Christian Rudder

Seventy percent of the country uses Facebook each month-50 percent of Americans under 35 check it first thing every morning. By 2015, people will have tweeted more words than in every book ever printed. A third of all marriages in the United States now begin online-meaning one in three children in the class of 2032 will have been facilitated by an algorithm. Social media has become essential to the fabric of our society. 


In the 1960s, Mormon housewife Helen Andelin countered the second wave feminist movement by preaching family values and urging women not to have careers, but to become good wives, mothers, and homemakers instead. Andelin, who sparked a large movement herself, taught that a woman's true happiness could only be realized if she admired, cared for, and obeyed her husband. In December, many listeners joined our Access Utah conversation with Julie Neuffer prompted by her book "Helen Andelin and the Fascinating Womanhood Movement" It was clear from that discussion that many women are thinking through their roles in today's shifting environment. 


Rick Bowmer, AP

This week high-ranking officials from The Church of Jesus Christ of Latter-day Saints held a news conference to address of religious freedom, and discrimination against the LGBT community.
On Monday's AU we'll look at legislation being proposed this year regarding these issues. We'll hear from Governor Gary Herbert, Senator Stephen Urquhart and Representative Jacob Anderegg. 


Penguin Press

According to University of Utah anthropologist Ryan Shot, men want commitment when women are scarce. In his new study published in the Royal Society Open Science Journal, he challenges the sexual stereotype that women want commitment and men want commitment only sometimes.  His study of the Makushi in Guyana shows mate choice is much more complex. He found men are more likely to seek long-term relationships when women are in short supply.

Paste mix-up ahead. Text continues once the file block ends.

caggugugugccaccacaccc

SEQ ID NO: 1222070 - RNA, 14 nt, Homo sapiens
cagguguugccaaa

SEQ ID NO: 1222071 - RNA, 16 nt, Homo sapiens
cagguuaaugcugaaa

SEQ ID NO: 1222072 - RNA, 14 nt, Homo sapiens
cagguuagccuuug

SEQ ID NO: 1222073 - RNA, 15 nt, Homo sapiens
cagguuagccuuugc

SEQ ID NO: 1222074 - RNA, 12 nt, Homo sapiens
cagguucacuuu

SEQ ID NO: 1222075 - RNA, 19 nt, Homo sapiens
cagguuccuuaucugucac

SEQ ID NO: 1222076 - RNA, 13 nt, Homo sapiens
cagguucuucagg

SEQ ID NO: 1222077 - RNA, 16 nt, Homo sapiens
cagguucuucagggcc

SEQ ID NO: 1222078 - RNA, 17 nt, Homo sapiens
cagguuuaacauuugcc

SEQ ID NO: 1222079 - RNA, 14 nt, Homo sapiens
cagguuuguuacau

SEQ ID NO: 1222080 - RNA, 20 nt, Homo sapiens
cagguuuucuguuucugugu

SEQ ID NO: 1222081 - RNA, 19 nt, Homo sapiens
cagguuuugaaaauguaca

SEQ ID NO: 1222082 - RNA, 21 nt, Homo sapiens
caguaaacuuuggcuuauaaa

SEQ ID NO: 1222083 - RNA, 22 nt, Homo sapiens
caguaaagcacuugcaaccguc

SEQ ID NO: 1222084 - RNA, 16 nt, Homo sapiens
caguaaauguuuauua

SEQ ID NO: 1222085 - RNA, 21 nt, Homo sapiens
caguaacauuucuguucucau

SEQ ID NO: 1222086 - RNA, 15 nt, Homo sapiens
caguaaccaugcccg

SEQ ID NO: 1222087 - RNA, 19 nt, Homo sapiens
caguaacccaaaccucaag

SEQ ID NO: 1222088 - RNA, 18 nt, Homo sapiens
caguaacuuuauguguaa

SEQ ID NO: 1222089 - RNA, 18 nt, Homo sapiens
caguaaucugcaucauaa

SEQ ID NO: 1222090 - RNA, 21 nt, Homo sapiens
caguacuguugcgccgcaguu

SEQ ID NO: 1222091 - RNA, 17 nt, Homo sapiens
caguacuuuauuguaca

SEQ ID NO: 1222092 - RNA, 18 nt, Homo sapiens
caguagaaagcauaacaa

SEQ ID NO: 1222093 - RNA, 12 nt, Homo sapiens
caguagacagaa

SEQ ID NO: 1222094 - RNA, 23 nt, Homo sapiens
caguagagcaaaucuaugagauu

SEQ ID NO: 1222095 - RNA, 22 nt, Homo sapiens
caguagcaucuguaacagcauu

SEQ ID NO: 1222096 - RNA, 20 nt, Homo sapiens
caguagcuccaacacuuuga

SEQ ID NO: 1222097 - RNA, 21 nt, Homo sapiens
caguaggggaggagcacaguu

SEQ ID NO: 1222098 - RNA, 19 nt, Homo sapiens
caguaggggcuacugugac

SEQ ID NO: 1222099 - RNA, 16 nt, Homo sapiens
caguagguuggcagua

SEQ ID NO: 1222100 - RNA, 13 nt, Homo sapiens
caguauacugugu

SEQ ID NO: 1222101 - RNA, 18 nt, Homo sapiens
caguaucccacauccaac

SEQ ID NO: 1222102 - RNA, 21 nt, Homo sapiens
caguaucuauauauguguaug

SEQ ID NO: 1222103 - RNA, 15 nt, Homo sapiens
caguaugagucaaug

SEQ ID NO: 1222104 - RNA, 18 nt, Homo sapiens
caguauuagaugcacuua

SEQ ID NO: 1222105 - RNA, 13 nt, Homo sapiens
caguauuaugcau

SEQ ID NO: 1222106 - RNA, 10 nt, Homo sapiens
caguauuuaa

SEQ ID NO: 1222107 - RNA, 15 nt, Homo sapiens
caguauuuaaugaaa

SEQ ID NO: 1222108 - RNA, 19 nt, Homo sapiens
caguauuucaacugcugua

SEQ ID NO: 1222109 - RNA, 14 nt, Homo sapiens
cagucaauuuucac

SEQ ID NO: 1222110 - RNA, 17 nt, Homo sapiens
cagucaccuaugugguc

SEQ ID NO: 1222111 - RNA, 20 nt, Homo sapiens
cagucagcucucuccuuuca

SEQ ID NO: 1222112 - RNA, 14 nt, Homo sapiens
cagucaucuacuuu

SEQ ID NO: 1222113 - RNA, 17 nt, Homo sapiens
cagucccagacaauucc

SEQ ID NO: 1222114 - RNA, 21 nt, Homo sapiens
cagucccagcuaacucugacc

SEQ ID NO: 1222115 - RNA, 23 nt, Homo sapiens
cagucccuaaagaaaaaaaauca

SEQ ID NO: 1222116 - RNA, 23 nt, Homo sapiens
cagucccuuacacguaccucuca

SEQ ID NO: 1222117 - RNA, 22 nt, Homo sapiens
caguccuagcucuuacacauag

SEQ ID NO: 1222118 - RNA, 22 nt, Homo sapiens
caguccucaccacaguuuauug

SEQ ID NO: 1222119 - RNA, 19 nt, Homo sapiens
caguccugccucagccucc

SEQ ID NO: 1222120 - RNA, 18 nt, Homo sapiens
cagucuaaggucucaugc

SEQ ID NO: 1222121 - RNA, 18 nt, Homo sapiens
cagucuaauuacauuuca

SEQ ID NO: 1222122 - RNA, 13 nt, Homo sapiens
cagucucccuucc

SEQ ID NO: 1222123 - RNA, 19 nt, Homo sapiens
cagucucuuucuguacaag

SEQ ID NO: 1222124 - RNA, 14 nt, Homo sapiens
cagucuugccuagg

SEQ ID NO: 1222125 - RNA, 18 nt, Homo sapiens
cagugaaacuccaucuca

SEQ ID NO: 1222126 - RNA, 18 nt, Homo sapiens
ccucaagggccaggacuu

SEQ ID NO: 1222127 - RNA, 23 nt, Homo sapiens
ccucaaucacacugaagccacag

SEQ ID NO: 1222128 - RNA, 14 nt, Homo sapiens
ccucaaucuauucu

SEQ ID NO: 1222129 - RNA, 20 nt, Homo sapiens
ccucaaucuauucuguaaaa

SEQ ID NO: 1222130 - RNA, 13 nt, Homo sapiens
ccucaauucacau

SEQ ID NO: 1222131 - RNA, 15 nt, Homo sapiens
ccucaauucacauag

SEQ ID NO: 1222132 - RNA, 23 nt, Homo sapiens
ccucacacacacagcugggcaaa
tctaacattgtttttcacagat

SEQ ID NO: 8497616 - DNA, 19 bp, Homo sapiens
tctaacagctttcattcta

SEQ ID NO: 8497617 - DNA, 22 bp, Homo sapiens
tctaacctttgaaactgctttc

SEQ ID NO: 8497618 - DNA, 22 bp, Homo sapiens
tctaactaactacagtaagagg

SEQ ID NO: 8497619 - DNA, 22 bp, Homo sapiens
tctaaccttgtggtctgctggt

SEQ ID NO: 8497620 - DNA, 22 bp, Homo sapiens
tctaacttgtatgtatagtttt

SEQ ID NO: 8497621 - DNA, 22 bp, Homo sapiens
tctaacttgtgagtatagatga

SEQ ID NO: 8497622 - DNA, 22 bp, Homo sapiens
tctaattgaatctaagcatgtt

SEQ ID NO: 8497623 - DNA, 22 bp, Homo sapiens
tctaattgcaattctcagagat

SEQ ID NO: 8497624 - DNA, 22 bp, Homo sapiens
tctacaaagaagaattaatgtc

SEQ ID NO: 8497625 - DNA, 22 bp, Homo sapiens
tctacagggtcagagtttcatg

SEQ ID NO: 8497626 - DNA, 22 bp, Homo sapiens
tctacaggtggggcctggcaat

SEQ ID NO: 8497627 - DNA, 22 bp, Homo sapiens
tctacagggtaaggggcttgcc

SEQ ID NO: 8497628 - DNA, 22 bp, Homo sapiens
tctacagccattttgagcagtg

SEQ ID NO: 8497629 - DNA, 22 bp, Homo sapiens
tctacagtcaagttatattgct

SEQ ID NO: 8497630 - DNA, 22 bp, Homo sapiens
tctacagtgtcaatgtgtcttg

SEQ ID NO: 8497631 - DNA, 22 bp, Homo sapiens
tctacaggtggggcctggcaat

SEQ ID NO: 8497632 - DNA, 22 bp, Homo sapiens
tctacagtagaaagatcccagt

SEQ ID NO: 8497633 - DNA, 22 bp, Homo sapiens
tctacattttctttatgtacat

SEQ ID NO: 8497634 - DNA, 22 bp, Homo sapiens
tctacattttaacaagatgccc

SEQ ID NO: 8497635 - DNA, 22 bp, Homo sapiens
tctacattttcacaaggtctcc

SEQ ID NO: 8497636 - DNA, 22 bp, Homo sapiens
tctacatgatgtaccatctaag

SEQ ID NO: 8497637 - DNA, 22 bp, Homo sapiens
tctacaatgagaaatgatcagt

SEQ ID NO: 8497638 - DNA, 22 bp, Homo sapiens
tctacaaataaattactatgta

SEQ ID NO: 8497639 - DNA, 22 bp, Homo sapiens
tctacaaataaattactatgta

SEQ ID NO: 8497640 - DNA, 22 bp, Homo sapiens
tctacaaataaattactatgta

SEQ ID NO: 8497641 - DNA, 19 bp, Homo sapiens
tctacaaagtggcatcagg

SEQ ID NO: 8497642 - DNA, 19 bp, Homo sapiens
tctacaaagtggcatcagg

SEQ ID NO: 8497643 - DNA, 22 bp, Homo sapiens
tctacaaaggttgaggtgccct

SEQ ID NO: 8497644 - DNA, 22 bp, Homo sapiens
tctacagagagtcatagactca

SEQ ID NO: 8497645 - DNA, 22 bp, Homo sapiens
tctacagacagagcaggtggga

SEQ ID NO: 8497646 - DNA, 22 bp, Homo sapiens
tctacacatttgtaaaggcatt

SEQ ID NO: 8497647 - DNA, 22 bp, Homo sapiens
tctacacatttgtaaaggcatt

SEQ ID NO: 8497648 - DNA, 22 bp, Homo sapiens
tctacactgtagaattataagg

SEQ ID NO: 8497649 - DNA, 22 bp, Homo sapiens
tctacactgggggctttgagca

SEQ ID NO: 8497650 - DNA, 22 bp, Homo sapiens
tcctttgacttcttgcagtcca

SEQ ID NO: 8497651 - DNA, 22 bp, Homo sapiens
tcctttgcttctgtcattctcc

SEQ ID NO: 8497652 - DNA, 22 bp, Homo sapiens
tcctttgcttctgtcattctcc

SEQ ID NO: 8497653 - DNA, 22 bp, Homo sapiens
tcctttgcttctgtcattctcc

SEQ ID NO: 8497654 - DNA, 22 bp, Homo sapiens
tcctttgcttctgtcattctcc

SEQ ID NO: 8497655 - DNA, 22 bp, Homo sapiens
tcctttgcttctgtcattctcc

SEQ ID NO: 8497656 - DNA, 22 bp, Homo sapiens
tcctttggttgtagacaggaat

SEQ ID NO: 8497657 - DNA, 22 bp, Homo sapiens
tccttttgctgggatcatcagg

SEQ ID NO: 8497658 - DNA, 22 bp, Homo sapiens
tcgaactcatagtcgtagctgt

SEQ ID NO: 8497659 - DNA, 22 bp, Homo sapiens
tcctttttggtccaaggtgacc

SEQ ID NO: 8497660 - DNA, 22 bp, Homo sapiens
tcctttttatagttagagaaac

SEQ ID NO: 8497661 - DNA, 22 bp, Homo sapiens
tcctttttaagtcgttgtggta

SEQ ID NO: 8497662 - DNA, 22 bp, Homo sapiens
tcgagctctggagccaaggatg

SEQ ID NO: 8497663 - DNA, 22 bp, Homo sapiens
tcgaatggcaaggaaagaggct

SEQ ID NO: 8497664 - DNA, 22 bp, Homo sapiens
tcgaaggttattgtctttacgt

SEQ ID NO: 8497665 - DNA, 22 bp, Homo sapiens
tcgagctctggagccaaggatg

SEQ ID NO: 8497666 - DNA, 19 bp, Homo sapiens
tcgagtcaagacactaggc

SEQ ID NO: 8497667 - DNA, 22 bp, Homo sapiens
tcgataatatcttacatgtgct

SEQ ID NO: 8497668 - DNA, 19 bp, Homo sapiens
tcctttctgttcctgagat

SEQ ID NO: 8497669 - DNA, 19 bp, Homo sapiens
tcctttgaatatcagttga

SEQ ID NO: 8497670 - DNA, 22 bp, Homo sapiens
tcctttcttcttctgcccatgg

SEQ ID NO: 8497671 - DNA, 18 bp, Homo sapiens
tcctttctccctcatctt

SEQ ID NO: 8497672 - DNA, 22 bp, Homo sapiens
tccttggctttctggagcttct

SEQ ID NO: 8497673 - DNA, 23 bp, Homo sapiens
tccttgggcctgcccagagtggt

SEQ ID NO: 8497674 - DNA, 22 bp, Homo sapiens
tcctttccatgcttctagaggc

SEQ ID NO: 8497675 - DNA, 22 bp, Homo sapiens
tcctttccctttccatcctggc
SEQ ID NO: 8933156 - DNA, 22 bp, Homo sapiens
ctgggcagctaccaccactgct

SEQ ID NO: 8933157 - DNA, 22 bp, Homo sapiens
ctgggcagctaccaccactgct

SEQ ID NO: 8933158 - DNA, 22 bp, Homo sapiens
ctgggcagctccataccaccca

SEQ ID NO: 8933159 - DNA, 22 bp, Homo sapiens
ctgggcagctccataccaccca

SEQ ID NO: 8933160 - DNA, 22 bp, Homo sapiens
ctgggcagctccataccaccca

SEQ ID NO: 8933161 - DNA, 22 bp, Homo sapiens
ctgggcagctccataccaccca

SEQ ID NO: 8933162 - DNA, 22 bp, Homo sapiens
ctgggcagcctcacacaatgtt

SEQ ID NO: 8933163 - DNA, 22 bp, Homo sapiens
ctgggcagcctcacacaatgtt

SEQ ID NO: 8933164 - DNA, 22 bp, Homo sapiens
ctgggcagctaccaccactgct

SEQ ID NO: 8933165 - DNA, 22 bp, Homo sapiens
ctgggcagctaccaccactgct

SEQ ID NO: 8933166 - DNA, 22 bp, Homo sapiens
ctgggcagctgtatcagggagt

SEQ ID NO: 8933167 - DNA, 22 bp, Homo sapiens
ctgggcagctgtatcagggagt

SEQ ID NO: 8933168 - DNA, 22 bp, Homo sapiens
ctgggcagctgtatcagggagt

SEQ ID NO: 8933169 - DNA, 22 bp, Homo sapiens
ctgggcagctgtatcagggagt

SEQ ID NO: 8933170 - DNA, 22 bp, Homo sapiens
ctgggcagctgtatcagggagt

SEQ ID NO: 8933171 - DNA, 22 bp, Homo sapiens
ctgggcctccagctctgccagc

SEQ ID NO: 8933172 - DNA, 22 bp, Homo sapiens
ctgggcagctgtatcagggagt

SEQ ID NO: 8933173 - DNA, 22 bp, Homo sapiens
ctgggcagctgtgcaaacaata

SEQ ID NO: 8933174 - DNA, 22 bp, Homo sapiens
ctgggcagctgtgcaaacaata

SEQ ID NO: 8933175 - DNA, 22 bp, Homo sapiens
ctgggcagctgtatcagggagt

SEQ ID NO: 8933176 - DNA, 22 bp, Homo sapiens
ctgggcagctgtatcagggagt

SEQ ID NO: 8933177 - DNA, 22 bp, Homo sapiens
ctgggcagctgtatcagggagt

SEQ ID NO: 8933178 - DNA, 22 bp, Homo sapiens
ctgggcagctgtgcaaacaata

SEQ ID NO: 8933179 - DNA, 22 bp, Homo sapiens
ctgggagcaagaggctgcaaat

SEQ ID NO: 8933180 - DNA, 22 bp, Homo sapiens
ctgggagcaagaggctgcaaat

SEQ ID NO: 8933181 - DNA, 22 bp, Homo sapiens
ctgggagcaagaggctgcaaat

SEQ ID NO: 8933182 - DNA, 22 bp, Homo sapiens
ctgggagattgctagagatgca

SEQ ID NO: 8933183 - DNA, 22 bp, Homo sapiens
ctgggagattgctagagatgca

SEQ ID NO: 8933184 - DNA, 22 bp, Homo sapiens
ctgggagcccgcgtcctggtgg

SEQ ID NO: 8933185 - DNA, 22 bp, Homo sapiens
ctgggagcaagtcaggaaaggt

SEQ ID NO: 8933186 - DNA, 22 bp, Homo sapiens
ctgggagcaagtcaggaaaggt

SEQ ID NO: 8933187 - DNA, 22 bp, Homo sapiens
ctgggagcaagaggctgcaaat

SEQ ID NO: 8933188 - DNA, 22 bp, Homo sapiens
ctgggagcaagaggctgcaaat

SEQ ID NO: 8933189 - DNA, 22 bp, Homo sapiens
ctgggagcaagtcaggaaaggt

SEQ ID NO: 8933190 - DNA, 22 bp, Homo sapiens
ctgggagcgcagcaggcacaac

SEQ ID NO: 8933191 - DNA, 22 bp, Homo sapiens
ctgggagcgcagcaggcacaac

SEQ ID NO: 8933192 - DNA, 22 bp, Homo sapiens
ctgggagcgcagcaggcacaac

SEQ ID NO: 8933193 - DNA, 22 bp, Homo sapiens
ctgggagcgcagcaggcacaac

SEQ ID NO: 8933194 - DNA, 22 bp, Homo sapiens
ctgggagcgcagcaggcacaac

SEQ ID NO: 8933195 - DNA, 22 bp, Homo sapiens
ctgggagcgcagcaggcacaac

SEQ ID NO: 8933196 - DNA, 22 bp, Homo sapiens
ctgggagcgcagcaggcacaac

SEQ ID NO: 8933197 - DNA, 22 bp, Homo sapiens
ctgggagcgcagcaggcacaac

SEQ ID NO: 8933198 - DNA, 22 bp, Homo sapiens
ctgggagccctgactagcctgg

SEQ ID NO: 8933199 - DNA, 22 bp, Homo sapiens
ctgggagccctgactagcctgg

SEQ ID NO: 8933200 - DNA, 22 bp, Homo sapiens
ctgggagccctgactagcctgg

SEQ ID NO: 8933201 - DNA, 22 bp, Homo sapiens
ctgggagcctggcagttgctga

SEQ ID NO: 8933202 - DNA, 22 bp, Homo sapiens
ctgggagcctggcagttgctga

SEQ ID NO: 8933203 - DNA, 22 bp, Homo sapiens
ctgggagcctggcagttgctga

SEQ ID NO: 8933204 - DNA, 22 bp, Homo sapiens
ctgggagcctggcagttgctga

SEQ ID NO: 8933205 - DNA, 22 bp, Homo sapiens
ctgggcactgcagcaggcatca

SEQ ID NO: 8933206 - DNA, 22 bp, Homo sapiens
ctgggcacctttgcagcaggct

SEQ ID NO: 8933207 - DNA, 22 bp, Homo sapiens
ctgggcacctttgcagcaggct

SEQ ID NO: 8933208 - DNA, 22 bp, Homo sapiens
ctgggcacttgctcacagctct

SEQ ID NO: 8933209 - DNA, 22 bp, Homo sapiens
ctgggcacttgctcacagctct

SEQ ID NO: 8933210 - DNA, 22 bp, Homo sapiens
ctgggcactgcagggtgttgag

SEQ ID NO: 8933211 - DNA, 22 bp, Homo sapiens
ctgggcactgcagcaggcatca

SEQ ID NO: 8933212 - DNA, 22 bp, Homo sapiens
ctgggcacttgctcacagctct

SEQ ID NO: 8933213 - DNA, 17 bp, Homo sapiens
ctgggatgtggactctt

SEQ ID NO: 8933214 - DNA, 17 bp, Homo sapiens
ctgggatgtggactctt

In the second half of Friday's Access Utah, Sheri Quinn examines the possibilities of reporting on the United States' Central Intelligence Agency. She speaks with New York Times Reporter Mark Mazzetti, author of "The Way of the Knife: The CIA, a Secret Army, and a War at the Ends of the Earth." Mazzetti discusses the process of U.S.-targeted killings, and other details, of our country's most secretive agency.

Barnaby Dorfman

On today's Access Utah, we're taking a look inside the Sundance Film Festival, the largest film screening in the United States. Known for it's glamor and celebrity, the festival is also a strong supporter for the arts and the untold stories they feature. 

 We'll be speaking with UPR's Sundance reporter Steve Smith about his experience covering independent films and documentaries at this year's festival. He'll speak on such works as the teen comedy "Seoul Searching," and "Prophets Prey" the documentary which depict's Warren Jeffs' control over Colorado City's polygamous community.

Oxford University Press

Homesickness today is dismissed as a sign of immaturity: It's what children feel at summer camp. But in the nineteenth century it was recognized as a powerful emotion. When gold miners in California heard the tune "Home, Sweet Home," they sobbed. When Civil War soldiers became homesick, army doctors sent them home, lest they die.